• Insurance: Carrying insurance on an RV is not only mandatory, but it’s important to protect your investment. Insurance rates vary by region, the type of RV purchased and your driving record. The average annual cost of RV insurance for a Class A motorhome is $1,000 to $1,300 annually, according to NADAguides.
  • Gas: Fuel costs depend on the weight and design of an RV. Camper Report offered the following estimates based on the type of motor home:
    • Class A: 7 mpg to 13 mpg
    • Class B: 18 mpg to 25 mpg
    • Class C: 14 mpg to 18 mpg
  • Taxes and registration: RVs are typically subject to taxes and registration fees, but what you’re required to pay varies based on the state in which you reside. Most states charge sales tax on the purchase price of an RV, and you should also expect to pay property taxes on your RV’s value (depending on where you’re staying).
  • Tow hitch: If your towable trailer doesn’t come with a hitch, or you prefer to use an aftermarket one, expect to spend between $100 and $1,000, according to Kampgrounds of America. Toy haulers need a hitch that attaches to a truck’s bed, generally raising the cost to between $500 and $2,500.
  • Maintenance: Like other vehicles, RVs require ongoing maintenance. Their engines, mechanical equipment and tires need to be inspected and maintained. Living quarters and custom features need frequent care as well, such as maintaining seals around the windows, doors and roof, plumbing and lubricating slide-out rails.
  • Storage: RVs should be stored when not in use. If you need to store the RV off-site, you may have to pay a weekly or monthly storage fee. Outdoor storage costs start at $30 a month, according to Storage.com. If you live in an area with inclement weather, you may choose heated storage, which can run from $100 to $450 a month.
  • Campsites: Campsites charge a nightly fee. The cost differs widely by location, but the average fee across all sites is $29, according to travel publication Wand’rly. Public campgrounds charge an estimated $22 a night, while private RV parks charge an average nightly fee of $39.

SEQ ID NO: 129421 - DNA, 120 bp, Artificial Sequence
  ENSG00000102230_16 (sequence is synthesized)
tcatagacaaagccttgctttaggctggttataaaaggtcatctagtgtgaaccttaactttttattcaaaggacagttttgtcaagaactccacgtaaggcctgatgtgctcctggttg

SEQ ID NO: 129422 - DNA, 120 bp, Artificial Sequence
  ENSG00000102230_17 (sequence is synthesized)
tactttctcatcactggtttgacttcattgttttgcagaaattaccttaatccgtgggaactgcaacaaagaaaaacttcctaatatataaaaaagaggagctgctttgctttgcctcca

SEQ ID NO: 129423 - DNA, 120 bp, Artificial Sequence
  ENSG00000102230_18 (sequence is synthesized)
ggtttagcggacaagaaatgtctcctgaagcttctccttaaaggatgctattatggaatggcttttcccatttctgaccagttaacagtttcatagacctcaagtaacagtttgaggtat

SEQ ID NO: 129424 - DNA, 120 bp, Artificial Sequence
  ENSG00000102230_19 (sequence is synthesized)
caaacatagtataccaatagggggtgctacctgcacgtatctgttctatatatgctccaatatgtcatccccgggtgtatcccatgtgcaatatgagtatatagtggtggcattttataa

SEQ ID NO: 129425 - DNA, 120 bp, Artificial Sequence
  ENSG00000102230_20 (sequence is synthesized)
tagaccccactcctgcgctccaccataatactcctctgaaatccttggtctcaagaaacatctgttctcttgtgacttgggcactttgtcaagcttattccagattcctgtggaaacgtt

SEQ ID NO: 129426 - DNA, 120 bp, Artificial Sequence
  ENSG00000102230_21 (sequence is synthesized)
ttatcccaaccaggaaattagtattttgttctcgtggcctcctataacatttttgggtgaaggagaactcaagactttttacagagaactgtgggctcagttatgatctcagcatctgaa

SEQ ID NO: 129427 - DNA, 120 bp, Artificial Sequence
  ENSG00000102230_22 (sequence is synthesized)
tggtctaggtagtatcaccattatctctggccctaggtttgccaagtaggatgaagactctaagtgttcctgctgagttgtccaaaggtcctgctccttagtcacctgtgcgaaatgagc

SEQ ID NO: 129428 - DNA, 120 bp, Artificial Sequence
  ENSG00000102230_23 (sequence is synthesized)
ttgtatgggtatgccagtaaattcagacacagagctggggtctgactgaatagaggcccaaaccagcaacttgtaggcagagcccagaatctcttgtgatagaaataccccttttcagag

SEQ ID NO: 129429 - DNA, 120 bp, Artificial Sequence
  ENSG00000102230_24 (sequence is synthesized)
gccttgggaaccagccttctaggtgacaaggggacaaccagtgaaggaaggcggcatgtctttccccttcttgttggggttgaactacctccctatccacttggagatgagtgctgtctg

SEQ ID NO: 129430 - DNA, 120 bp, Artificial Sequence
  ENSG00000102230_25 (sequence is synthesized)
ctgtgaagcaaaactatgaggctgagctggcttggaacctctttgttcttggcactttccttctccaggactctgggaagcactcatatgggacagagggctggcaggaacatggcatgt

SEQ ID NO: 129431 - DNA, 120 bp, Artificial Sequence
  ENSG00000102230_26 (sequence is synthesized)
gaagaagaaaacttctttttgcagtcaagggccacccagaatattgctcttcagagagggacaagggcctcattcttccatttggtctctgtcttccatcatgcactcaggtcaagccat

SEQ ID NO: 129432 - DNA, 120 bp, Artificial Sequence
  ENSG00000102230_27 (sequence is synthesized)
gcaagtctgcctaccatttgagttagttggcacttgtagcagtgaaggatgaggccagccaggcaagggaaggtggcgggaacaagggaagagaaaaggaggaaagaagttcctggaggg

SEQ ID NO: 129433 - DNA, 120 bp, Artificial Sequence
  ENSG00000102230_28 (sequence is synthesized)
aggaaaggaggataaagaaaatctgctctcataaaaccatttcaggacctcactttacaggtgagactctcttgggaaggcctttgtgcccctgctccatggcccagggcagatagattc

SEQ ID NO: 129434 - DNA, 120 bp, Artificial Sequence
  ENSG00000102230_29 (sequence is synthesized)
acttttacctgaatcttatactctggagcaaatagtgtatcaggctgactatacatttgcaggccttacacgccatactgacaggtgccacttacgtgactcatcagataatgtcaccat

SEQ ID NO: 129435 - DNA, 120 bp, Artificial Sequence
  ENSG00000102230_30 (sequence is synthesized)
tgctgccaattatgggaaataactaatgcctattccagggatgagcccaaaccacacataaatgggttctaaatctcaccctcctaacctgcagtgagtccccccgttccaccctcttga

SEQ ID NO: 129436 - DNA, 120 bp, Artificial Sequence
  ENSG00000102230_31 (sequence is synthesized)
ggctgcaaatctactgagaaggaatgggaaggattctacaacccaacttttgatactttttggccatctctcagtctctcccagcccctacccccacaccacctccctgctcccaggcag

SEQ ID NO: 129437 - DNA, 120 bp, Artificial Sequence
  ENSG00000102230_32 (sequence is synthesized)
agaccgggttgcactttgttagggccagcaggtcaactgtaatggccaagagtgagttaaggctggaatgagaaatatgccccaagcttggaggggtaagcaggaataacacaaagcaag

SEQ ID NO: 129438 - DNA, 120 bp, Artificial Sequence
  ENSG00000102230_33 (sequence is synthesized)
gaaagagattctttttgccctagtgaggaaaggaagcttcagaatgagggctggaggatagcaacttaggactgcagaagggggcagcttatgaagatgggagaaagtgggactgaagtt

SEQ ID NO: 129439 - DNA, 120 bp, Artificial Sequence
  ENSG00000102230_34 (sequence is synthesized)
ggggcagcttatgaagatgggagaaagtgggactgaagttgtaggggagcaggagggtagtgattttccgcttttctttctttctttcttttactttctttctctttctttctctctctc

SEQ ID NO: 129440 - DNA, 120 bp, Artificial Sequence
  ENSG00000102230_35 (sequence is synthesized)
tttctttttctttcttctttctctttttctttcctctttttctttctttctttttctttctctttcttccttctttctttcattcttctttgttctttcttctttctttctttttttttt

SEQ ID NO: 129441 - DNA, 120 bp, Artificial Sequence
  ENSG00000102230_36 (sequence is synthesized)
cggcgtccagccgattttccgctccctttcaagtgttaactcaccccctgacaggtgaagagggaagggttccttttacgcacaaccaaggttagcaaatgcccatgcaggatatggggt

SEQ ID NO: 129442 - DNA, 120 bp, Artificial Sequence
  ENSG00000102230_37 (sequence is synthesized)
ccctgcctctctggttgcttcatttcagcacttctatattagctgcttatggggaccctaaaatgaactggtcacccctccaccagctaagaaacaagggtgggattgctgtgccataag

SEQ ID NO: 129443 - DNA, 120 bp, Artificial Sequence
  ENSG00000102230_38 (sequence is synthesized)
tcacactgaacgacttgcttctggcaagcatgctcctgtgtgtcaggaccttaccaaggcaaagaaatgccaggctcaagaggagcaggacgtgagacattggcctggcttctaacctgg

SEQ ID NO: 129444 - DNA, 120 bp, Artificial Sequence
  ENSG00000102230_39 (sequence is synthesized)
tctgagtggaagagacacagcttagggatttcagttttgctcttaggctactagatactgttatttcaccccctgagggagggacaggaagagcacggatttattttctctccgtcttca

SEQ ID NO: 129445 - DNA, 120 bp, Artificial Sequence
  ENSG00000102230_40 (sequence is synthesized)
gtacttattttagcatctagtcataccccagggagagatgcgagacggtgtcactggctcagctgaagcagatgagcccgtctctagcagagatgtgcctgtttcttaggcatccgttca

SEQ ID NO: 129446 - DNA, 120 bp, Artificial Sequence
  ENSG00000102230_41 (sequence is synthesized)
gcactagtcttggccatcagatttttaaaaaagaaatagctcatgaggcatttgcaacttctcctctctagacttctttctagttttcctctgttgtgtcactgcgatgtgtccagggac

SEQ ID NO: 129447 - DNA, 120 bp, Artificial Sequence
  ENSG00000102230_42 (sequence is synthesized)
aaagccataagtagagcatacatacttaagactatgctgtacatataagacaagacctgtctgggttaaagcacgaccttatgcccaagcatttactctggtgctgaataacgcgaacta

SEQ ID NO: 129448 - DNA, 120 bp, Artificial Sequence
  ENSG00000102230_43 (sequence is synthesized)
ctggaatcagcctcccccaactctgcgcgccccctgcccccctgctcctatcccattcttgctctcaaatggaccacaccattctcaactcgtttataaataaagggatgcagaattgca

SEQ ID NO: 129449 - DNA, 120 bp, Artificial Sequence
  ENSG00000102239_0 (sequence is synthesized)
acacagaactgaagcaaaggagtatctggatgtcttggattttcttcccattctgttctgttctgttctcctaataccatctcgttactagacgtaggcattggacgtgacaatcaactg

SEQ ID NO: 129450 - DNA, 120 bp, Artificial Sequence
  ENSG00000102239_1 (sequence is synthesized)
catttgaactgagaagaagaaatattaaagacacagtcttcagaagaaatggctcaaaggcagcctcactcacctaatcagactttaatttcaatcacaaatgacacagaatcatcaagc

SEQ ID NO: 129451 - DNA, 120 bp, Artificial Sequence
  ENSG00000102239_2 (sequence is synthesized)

Find out how much RV you can afford

Our RV loan calculator tool can help you see if the RV you’re eyeing fits your budget. Determining how much RV you can afford depends on what you’re looking for, as well as your finances and credit score.

To estimate your monthly payment, plug in:

  • The amount you plan to borrow
  • The length of time of the expected loan
  • The expected APR

To find your best RV price, be prepared to spend time researching different styles and features available. Consider the reputation of the manufacturer and the warranty offered.

Since RVs are typically seasonal purchases tied to the summer months, the right time to buy may usually be in the fall or winter, when dealers may be more willing to offer discounts.

FAQ on RVs: Resources, cheapest state to buy, pandemic impact

What is a good resource for RV prices?

NADAguides allows you to compare manufacturer pricing for different styles of RVs. Before you buy an RV, spend time reading up on what they cost.

What is the most expensive RV?

The most expensive RV is the Marchi eleMMent Palazzo Superior, according to RVshare. Noted by Barron’s for its $5 million price tag, this state-of-the-art RV features an open-air sky lounge and impressive living quarters.

What is the cheapest state to buy an RV?

Montana tops the list of cheapest states to buy an RV in, according to travel blog Getaway Couple. The state doesn’t charge sales tax, and it allows out-of-state residents to register their RVs in certain situations.

Has the pandemic impacted the ability to buy an RV or use RV camps?

Like many other industries, RV production slowed when the pandemic began last spring. Lower inventory affected the ability of consumers to buy an RV, though production generally restarted in May 2020. Since national parks and RV camps follow federal and state guidelines, many are either closed or restrict the number of visitors.